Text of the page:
Tuesday, January 8, 2013

Shrimp Pho

Alright guys, what's with me and cooking lately? Honestly, been quite a thing. Mostly, quick and easy fix meals and like I have told you before, generally, our Malaysian and Indian dishes. For a change, I decided. I decided I should do a bowl food or noodle dish, but the question was which one. Of course, if not millions, there are literally hundreds and hundreds of recipes for a noodle dish. Still, back to the same question. Which noodle dish (Bee Hoon Soup). After like, maybe within the next 20 minutes, as usual, me taking a hard peep into my fridge, I sort of was confident I can put up a Vietnamese noodle dish (Lamb Pho). Obviously, not something new to me. Thus, I knew. I can come up with another version and how far further can we run when a Vietnamese noodle dish is a concern (Vietnamese Fish Soup)? If not all, some of the ingredients can be Malaysian found and grown (Penang Hokkien Mee), especially herbs and fish sauce is a regularity for us as well. Henceforth, coming into our food picture on this particular day was Shrimp Pho (Prawn Noodle Soup). Shrimps obviously are the central ingredient (Prawn Cocktail, Chinese Prawn Fritters, Grilled Spicy Prawns & Bitter Gourd Prawn Curry), in fact more important for the broth and then we need the rest of the ingredients as listed below. But if you are expecting a traditional Shrimp Pho, I think you will be disappointed. Mine is a modernised tweeted version and instead of incorporating chillies inside, I made a chilli dip. Of course, for diving into Shrimp Pho (Fried Shrimp Wanton, Sambal Udang & Devilled Prawns) alongside?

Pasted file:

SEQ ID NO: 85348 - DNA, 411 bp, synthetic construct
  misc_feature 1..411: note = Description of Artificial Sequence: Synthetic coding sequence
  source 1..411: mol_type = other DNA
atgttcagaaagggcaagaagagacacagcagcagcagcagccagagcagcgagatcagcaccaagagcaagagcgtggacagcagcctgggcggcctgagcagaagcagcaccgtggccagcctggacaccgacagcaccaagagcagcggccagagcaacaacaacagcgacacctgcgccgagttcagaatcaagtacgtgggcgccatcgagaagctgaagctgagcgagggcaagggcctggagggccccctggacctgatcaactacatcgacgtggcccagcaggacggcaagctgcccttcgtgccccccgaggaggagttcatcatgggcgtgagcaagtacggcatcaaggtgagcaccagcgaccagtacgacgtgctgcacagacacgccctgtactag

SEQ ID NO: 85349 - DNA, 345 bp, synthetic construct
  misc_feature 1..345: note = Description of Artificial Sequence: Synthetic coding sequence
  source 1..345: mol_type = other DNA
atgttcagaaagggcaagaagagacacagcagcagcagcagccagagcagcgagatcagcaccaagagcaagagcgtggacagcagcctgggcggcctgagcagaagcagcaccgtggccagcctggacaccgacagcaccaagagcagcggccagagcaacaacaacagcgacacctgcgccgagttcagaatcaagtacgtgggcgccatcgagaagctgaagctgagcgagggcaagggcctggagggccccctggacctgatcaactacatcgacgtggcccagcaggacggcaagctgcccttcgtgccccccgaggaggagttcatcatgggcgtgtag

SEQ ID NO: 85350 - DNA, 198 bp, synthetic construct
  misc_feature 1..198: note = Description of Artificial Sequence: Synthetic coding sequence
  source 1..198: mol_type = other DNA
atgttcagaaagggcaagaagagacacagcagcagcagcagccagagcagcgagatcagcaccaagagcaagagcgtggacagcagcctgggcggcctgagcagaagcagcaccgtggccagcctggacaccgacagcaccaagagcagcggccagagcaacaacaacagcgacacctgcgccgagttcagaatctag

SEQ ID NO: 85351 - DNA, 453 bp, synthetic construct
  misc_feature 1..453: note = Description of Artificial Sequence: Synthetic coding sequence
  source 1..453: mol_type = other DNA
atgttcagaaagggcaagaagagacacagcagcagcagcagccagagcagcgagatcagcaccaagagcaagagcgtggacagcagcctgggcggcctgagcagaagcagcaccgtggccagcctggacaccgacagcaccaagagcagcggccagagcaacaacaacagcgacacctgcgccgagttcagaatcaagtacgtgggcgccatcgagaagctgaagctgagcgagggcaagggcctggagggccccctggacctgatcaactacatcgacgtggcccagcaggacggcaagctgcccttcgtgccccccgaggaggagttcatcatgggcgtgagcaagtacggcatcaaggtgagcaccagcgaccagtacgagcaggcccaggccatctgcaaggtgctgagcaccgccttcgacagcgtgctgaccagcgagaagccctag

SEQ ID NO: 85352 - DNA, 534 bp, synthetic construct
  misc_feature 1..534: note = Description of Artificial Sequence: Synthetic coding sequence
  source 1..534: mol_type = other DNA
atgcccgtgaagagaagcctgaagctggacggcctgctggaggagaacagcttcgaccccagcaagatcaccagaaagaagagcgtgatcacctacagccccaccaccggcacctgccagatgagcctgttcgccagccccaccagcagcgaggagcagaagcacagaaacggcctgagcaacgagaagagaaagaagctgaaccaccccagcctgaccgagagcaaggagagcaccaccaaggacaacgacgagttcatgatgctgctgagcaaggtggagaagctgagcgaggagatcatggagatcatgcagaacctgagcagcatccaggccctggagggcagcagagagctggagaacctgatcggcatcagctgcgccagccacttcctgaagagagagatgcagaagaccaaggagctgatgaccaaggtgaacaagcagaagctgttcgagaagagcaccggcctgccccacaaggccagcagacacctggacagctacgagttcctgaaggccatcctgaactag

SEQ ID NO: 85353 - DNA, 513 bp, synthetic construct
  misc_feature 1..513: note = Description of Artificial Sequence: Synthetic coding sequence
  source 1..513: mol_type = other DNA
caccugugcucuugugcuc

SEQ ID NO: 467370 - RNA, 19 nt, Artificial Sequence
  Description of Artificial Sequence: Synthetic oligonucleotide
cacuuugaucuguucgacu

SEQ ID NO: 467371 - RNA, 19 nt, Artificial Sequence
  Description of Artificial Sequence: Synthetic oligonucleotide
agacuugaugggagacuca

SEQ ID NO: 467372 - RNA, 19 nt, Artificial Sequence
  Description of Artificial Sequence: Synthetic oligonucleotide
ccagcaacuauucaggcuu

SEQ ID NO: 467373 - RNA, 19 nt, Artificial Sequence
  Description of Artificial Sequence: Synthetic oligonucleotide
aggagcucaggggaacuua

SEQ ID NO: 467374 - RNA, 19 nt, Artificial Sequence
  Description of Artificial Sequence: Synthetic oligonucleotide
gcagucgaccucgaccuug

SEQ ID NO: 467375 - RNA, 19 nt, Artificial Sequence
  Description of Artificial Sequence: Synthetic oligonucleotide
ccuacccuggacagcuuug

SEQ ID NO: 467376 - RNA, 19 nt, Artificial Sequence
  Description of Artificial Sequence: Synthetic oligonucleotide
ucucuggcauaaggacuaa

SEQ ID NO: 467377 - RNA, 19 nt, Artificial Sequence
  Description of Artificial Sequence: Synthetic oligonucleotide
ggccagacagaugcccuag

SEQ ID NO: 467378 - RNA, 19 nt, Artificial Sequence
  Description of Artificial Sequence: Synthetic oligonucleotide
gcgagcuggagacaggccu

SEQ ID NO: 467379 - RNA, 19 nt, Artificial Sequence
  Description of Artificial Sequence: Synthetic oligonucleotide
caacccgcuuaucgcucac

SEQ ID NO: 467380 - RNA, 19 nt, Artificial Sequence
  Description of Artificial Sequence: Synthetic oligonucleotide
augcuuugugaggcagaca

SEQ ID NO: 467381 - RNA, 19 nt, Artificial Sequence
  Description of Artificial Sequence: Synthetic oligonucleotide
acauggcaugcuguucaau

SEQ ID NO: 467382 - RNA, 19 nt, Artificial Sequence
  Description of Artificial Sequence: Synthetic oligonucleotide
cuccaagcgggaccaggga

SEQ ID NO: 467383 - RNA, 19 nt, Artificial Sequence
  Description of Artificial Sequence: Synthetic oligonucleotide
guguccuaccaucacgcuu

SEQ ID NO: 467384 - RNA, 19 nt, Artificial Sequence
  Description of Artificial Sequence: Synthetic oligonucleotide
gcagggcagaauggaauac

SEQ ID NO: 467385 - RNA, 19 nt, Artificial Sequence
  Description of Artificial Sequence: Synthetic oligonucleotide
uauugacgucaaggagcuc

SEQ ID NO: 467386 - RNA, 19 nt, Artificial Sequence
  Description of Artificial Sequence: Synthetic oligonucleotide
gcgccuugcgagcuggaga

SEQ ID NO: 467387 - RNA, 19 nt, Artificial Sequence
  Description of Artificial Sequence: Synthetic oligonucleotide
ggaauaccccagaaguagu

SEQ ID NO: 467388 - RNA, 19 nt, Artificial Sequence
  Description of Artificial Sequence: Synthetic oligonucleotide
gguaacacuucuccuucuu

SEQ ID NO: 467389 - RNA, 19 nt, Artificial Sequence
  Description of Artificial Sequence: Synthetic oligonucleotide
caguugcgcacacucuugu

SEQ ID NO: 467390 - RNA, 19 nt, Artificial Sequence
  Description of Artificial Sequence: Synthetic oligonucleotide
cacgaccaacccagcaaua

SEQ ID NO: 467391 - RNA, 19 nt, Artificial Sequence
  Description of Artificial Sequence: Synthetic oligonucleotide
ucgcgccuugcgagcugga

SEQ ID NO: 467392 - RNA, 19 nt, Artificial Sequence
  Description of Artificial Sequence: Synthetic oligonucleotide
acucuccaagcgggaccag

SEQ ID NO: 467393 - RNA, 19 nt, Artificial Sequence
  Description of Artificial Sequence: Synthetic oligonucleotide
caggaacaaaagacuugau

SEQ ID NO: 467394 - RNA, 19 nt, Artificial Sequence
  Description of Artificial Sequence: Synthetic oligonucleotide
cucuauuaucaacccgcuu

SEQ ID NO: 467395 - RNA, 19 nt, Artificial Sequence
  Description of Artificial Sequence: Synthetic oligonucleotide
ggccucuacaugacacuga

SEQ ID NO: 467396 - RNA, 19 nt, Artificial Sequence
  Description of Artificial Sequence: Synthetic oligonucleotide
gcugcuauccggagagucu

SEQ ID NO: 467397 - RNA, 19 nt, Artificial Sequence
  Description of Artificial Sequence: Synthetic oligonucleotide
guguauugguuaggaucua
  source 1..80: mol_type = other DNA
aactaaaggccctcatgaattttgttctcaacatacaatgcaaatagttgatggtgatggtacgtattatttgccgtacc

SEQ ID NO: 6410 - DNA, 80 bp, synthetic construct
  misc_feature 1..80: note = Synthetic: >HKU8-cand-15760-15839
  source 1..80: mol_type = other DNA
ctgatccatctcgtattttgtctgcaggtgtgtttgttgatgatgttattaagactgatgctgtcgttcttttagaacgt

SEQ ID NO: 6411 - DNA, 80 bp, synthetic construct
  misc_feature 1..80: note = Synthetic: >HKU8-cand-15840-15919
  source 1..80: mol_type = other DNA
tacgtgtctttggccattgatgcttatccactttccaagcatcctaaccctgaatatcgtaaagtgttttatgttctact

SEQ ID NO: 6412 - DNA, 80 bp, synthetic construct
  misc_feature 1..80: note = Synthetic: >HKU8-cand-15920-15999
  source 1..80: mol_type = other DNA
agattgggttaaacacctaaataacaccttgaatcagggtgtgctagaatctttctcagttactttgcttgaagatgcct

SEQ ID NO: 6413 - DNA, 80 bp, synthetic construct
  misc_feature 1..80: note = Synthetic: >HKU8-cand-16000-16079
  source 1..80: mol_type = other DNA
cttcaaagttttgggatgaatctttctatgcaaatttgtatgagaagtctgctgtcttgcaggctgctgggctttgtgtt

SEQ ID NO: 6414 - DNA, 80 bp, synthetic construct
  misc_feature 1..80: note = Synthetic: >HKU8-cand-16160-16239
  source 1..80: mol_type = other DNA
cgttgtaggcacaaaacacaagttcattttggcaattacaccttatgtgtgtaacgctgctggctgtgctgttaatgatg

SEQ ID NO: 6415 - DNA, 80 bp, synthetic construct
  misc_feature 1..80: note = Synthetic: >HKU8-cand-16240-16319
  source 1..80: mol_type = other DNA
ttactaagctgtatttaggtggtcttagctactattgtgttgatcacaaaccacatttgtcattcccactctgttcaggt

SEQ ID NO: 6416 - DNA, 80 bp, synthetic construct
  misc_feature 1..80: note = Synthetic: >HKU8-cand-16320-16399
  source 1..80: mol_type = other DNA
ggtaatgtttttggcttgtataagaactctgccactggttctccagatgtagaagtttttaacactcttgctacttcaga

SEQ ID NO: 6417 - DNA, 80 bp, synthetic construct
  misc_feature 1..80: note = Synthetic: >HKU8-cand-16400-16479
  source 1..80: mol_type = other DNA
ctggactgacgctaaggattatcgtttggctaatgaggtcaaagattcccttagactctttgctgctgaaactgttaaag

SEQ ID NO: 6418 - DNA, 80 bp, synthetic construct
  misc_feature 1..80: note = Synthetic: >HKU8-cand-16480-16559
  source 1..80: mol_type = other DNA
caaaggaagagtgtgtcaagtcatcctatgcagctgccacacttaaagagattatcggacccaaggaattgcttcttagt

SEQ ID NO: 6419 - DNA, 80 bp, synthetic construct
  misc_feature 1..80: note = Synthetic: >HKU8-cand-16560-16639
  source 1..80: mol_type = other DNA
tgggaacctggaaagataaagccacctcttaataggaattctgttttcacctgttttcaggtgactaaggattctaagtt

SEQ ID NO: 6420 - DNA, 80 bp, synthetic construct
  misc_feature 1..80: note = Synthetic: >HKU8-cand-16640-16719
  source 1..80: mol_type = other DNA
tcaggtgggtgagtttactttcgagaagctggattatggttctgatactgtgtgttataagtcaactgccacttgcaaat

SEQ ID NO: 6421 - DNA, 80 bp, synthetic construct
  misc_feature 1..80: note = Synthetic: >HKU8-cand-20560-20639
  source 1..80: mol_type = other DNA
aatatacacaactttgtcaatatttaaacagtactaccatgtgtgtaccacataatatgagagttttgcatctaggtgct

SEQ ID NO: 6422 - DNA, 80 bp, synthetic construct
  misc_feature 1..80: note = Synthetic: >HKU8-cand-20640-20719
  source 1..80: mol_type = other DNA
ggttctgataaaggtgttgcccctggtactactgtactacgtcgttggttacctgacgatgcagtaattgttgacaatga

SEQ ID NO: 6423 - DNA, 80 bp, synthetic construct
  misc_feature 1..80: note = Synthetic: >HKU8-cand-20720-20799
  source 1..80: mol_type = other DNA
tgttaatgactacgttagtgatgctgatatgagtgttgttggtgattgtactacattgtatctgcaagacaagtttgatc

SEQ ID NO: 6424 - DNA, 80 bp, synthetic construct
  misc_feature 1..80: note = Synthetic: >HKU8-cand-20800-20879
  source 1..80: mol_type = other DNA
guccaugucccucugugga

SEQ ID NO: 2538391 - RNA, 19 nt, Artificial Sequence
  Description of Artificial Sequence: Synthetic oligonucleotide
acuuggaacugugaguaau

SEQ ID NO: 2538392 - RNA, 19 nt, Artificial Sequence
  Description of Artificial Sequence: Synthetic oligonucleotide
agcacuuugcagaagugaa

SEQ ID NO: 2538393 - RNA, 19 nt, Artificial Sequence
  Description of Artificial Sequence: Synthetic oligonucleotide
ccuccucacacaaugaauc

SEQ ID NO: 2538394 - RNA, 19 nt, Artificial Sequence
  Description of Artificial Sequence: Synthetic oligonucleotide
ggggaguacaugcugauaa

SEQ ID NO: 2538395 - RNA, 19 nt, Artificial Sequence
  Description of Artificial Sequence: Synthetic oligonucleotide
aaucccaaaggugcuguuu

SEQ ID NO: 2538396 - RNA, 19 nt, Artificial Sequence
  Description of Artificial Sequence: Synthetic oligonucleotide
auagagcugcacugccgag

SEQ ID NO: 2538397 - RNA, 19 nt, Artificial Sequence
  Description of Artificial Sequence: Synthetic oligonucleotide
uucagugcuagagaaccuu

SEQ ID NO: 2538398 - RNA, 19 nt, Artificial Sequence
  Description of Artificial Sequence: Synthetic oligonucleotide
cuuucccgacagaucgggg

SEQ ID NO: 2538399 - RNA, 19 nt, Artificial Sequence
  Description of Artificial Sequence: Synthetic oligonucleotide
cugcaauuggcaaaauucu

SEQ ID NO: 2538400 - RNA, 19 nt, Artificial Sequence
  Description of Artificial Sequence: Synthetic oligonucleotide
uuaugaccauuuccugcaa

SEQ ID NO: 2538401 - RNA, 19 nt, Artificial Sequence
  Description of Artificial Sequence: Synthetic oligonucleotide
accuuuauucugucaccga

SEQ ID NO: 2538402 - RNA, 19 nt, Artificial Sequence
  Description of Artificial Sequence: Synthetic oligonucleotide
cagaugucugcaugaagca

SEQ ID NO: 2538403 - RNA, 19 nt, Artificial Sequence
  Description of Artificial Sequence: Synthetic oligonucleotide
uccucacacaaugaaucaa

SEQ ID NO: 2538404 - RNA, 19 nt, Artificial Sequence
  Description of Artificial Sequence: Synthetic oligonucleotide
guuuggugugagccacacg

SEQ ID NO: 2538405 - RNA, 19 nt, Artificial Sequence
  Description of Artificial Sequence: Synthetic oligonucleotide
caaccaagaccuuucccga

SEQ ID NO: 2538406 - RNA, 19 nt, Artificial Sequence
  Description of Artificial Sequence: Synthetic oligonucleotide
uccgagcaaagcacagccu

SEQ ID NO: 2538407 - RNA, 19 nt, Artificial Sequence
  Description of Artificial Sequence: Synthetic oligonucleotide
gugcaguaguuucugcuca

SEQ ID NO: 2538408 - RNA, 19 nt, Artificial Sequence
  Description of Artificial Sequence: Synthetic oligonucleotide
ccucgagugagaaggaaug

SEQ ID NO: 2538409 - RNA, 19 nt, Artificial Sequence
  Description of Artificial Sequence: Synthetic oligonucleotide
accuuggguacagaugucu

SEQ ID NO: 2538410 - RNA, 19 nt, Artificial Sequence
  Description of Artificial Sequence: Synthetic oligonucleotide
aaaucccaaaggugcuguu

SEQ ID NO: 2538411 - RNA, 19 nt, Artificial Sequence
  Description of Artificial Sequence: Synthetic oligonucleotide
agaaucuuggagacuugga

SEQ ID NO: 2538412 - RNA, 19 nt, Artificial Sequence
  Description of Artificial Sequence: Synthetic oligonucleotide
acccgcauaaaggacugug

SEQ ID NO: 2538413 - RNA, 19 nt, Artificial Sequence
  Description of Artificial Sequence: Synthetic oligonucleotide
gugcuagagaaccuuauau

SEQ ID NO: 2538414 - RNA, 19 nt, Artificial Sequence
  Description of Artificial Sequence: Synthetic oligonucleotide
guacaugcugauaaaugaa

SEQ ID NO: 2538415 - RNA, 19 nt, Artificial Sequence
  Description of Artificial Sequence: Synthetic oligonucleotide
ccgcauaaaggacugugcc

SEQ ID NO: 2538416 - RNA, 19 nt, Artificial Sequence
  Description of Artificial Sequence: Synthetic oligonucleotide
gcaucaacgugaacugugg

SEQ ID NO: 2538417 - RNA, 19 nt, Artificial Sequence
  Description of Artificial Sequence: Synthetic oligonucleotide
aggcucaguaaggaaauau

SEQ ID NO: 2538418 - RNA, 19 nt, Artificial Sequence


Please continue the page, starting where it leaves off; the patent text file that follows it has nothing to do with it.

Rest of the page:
For the stock
2 cups shrimp heads and shells
1 lemongrass - smashed
1 tbsp fish sauce
1 slice fresh ginger 
 5 garlic
Some coriander leaves
2 tbsp oil
1 tsp anchovies granules (optional)
1 liter of water (or for the amount of stock needed)
Salt for taste

Accompaniments (as needed)
Fresh shrimps - de-vein and rinse
Mee hoon - soaked to soften
Bak choy or any other green leafy veggie – rinsed and cut into pieces.
Chinese black fungus - soaked to soften and sliced into long pieces
Spring onion - shredded
Calamansi lime
Chili Dip
1-2 tbsp dried chili paste
2 shallots - chopped
2 garlic - chopped
1/2 tsp shrimp paste/belacan powder
Salt for taste
2 tbsp of oil

For the broth
Into heated oil, fry shrimp heads and shells till crispy.
Add all the ingredients as listed for the broth.
Pour water and simmer over low heat for about an hour. 
Drain stock and pour back in the pot. 
Add granules and salt.
Stir and keep simmering over very low heat. 

For the dipping sauce
Fry all the ingredients in oil till till aromatic and oil splits. 
Remove and keep aside.

To serve
Blanch fresh shrimps, bak choy and fungus in the stock.
Add mee hoon into a bowl and top with blanched ingredients.
Pour stock over,, garnished with spring onion and pair with chilli dip and calamansi lime.


  1. this is nice..
    my normal prawn mee is always red colour..
    yours have lots of vegetables.. good...

  2. What a wonderful recipe utilising the discarded parts of prawns! Nava, I loved the neat, new look of your blog. Wish you a very happy new year!

  3. I like the idea of making stock with left over prawn, this soup looks perfect Nava yumm. for a winter night.

  4. nvm try this kind of prawn mee before should have some try :)

  5. I have never cooked with prawns,so I don't know id we can use the shells but when I first tasted lobster bisque, the chef told me they use shells in it. You have used the shells just as we make chicken stock. The chilli dipping sauce sounds interesting with it.

  6. This looks wonderful, I love the colours.

  7. Hi Nava, would you believe I'm posting a prawn noodle soup this week too?! Great minds huh? I love this dish and your dipping sauce sounds yummy!

  8. one of my fave preps for somple noodles at home but i serve only wit cut chillies and a squeeze of lime or lemon.

  9. WOW! This is amazingly delicious. Mouth -watering!

  10. This made my mouth water how delicious it looks.


Toyo Bowl Delights: Supporting Local Taste

In every collaboration at Nava's Zen, I maintain the tradition of treating my collaborator to a meal - a small token of gratitude for th...